Post-inflammatory Hypopigmentation of Skin

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This presents as poorly defined whitening of the skin, which is irregular in outline. Often the loss of pigment is partial rather than complete.[1] The surface is usually normal but scaling may be present if the underlying cause is scaly (such as eczema or psoriasis).[2] 

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Partial loss of pigment may follow any inflammatory skin reaction but this is most noticeable in those with dark skin. Scarring conditions such as thermal burns, discoid lupus and lichen planus will cause white atrophic hypopigmented areas.[1] Postinflammatory hypopigmentation is a recognised hazard of laser therapy.[3] 

The differential diagnosis includes:

  • Vitiligo - this is normally well defined, geographic in shape and there is complete loss of pigment.
  • Pityriasis versicolor - this is made up of coalescing oval/round macules which may be slightly scaly.
  • Pityriasis alba - this is seen on the face of children as slightly scaly, poorly defined macules and patches. It is common in children with dark skin but is seen in Caucasians in the summer. It is assumed to be a mild form of eczema with hypopigmentation.
  • Hypopigmented mycosis fungoides - a slow progressive cutaneous T-cell lymphoma.[6] 
  • Naevus depigmentosus - a congenital nonprogressive hypopigmented macule or patch that is stable in its relative size and distribution throughout life.[7] 
  • Nummular eczema.[8]
  • Idiopathic guttate hypomelanosis - this causes widespread hypopigmented macules on the arms and legs of middle-aged women and elderly men and women.[9] 

It may be possible to make the diagnosis on clinical grounds based on the appearance, size, site and distribution of lesions, the age and the sex of the patient. However, skin scraping for mycology and/or biopsy for histopathology may be necessary. Laser scanning microscopy may be helpful in diagnosing hypopigmentation disorders and may offer an alternative to invasive methods.[10] 

Treatment of the underlying condition is the mainstay of management. With sun exposure the white areas should eventually repigment unless scarring has occurred. 

Depigmentation often resolves spontaneously after weeks or months but may persist on occasion.[11] 

Referral may be needed in cases of diagnostic difficulty.

Further reading & references

  1. Pigmentation disorders; DermNet NZ
  2. Psoriasis; Dermnet NZ, 2013
  3. Choi CW, Kim HJ, Lee HJ, et al; Treatment of nevus of Ota using low fluence Q-switched Nd:YAG laser. Int J Dermatol. 2013 Jul 8. doi: 10.1111/ijd.12085.
  4. Tey HL; A practical classification of childhood hypopigmentation disorders. Acta Derm Venereol. 2010;90(1):6-11. doi: 10.2340/00015555-0794.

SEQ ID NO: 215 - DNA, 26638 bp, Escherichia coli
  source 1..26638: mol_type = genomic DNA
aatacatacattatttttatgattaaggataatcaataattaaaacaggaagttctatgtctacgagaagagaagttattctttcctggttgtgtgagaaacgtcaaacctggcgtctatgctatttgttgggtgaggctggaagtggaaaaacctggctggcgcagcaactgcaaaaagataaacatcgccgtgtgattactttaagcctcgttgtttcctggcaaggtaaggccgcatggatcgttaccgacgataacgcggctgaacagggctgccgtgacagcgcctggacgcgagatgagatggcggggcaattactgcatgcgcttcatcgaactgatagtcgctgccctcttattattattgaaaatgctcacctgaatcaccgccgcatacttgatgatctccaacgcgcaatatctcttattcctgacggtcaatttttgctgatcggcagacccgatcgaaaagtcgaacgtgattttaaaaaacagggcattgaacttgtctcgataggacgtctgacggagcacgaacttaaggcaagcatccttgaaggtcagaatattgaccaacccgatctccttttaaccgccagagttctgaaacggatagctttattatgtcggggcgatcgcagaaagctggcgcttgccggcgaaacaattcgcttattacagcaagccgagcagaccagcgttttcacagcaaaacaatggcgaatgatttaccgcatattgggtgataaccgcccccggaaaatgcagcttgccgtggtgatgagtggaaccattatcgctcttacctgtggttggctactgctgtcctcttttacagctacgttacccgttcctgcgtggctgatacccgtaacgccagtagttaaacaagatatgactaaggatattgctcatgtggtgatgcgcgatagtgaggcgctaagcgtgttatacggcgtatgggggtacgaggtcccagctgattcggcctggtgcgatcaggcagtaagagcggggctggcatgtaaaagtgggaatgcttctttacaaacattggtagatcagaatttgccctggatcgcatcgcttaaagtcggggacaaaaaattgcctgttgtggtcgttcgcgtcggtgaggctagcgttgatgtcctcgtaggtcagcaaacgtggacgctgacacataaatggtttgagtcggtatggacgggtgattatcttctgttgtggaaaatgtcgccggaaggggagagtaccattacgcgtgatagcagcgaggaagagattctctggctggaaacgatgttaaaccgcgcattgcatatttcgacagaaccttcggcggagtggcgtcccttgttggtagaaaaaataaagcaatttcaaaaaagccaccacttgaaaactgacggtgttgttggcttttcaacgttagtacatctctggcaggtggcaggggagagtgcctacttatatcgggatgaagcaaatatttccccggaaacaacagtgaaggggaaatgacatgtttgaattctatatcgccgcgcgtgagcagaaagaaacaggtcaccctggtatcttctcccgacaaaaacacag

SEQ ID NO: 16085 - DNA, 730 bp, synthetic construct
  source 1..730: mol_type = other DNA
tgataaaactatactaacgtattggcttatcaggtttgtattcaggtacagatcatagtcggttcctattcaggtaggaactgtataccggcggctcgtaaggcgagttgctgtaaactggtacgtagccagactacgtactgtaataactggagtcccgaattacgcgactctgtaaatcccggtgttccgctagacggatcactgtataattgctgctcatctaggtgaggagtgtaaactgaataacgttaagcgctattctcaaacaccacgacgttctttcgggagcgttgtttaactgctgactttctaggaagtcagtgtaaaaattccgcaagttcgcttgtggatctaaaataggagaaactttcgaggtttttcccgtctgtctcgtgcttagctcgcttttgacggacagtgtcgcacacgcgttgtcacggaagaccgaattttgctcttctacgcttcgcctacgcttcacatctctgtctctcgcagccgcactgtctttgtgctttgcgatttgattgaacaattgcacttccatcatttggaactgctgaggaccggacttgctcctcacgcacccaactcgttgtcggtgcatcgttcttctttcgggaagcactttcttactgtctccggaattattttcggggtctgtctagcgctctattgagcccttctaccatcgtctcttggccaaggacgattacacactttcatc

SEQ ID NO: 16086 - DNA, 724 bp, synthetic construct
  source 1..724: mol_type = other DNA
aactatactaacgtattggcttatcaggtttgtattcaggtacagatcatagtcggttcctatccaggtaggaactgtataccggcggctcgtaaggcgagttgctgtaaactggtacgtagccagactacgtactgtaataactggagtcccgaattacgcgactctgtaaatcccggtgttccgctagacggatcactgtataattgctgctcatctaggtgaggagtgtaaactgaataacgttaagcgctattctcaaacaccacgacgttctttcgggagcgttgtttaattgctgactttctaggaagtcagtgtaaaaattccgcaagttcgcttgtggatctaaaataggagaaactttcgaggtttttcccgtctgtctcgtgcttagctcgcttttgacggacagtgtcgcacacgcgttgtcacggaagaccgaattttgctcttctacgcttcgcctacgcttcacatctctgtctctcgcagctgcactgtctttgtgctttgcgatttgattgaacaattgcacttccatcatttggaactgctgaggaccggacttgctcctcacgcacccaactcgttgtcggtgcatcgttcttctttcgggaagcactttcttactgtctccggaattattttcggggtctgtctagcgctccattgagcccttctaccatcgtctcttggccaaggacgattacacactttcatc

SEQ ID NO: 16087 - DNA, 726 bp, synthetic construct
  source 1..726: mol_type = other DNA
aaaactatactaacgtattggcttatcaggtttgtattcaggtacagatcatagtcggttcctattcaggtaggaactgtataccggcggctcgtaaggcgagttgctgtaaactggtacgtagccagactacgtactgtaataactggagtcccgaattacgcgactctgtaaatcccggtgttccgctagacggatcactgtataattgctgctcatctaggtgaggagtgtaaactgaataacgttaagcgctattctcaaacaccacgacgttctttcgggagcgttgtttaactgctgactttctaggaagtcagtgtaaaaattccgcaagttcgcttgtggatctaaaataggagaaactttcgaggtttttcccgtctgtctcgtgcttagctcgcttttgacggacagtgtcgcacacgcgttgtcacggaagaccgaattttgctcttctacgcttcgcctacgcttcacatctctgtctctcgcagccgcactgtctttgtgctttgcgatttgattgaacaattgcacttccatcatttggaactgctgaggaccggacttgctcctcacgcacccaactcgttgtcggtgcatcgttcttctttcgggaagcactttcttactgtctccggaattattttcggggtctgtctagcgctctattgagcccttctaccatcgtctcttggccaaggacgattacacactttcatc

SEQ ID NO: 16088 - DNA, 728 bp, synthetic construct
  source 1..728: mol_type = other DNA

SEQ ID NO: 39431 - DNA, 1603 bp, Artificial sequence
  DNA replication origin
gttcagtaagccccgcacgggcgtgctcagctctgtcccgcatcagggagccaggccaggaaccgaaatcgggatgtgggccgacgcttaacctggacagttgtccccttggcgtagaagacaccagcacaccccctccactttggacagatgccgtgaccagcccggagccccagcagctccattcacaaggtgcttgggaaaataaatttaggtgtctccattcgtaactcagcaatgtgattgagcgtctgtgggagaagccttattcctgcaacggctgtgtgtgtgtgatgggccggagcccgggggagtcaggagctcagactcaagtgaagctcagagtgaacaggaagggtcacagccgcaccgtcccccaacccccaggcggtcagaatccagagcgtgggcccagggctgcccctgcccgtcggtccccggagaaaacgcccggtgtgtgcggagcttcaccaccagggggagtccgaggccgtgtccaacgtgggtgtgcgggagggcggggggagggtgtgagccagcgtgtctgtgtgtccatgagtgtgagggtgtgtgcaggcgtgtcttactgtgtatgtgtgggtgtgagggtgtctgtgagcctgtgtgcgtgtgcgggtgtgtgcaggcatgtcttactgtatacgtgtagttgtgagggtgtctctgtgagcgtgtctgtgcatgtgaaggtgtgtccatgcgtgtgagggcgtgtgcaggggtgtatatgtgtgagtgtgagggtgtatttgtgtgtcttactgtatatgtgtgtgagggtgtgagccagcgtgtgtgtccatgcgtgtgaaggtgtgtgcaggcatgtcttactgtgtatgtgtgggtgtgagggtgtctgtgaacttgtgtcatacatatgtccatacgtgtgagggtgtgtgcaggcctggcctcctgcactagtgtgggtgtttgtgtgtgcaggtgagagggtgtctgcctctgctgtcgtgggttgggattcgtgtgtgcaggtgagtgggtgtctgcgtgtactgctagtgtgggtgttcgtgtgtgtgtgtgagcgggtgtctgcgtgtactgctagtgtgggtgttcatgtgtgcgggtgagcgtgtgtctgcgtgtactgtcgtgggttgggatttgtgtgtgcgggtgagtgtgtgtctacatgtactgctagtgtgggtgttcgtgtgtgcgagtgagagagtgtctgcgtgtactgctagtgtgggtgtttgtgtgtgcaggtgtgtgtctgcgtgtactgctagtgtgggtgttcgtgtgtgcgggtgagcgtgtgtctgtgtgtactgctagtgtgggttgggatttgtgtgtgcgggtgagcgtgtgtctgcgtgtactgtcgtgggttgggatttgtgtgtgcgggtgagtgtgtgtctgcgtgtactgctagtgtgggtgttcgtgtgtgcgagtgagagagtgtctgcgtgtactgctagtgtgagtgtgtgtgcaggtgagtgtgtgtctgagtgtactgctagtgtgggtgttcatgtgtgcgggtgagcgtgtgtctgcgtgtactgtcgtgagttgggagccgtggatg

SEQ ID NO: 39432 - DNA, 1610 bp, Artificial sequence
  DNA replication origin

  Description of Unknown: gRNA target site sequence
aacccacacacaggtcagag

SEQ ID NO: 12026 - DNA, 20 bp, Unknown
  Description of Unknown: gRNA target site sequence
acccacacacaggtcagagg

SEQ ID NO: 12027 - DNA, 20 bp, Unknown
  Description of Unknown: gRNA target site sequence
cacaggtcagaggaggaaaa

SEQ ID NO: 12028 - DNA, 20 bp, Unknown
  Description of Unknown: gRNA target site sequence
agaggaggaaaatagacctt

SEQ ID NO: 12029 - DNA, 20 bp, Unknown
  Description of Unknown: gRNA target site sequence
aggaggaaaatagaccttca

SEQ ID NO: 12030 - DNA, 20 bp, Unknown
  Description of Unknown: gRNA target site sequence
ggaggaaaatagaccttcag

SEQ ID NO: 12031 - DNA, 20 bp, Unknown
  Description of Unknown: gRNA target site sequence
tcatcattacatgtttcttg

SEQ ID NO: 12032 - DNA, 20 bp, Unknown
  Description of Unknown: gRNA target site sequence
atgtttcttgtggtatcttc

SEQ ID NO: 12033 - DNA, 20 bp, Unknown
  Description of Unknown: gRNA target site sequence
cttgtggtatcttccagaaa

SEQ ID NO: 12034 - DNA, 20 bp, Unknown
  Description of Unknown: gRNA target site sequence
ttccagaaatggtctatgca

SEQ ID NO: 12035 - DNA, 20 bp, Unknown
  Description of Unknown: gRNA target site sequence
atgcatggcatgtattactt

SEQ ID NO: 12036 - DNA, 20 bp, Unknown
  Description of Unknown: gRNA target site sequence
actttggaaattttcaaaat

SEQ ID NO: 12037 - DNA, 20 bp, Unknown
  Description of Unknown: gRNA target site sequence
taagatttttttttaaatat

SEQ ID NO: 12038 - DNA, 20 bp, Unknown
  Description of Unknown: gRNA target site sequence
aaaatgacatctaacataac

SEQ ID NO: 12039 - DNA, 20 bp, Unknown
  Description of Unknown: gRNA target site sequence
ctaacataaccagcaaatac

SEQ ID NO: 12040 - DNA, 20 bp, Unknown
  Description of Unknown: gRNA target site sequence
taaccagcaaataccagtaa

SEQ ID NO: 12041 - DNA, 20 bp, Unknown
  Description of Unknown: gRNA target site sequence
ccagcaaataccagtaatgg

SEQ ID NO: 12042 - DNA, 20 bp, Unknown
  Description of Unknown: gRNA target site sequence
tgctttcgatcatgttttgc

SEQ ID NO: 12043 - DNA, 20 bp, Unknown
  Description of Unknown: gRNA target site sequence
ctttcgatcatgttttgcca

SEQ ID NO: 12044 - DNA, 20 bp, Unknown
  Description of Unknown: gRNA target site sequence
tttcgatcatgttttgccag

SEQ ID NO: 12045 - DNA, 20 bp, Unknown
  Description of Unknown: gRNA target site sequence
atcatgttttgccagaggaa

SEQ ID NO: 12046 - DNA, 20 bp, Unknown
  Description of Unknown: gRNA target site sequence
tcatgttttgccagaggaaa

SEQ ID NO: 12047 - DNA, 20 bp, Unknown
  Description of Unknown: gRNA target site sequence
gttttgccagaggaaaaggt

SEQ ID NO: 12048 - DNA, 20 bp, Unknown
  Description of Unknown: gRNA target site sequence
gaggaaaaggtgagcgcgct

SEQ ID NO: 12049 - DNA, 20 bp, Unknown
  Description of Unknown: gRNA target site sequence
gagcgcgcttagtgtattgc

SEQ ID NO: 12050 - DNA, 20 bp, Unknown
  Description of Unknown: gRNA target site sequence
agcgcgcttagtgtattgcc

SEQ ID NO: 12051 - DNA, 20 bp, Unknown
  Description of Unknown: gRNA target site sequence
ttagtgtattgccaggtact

5. Neynaber S, Kirschner C, Kamann S, et al; Progressive macular hypomelanosis: a rarely diagnosed hypopigmentation in Caucasians. Dermatol Res Pract. 2009;2009:607682. doi: 10.1155/2009/607682. Epub 2009 Jun 1.
  6. Zhang JA, Yu JB; Hypopigmented mycosis fungoides in a chinese woman. Indian J Dermatol. 2013 Mar;58(2):161. doi: 10.4103/0019-5154.108093.
  7. Lee DJ, Kang HY; Is spontaneous disappearance of nevus depigmentosus possible? Ann Dermatol. 2012 Feb;24(1):109-11. doi: 10.5021/ad.2012.24.1.109. Epub 2012 Feb 2.
  8. Nummular Eczema; American Osteopathic College of Dermatology
  9. Kim SK, Kim EH, Kang HY, et al; Comprehensive understanding of idiopathic guttate hypomelanosis: clinical and histopathological correlation. Int J Dermatol. 2010 Feb;49(2):162-6. doi: 10.1111/j.1365-4632.2009.04209.x.
  10. Xiang W, Xu A, Xu J, et al; In vivo confocal laser scanning microscopy of hypopigmented macules: a preliminary comparison of confocal images in vitiligo, nevus depigmentosus and postinflammatory hypopigmentation. Lasers Med Sci. 2010 Jul;25(4):551-8. doi: 10.1007/s10103-010-0764-2. Epub 2010 Feb 24.
  11. Vachiramon V, Thadanipon K; Postinflammatory hypopigmentation. Clin Exp Dermatol. 2011 Oct;36(7):708-14. doi: 10.1111/j.1365-2230.2011.04088.x. Epub 2011 Jun 14.

Disclaimer: This article is for information only and should not be used for the diagnosis or treatment of medical conditions. EMIS has used all reasonable care in compiling the information but make no warranty as to its accuracy. Consult a doctor or other health care professional for diagnosis and treatment of medical conditions. For details see our conditions.

Original Author:
Dr Laurence Knott
Current Version:
Peer Reviewer:
Prof Cathy Jackson
Last Checked:
02/08/2013
Document ID:
4052 (v22)
© EMIS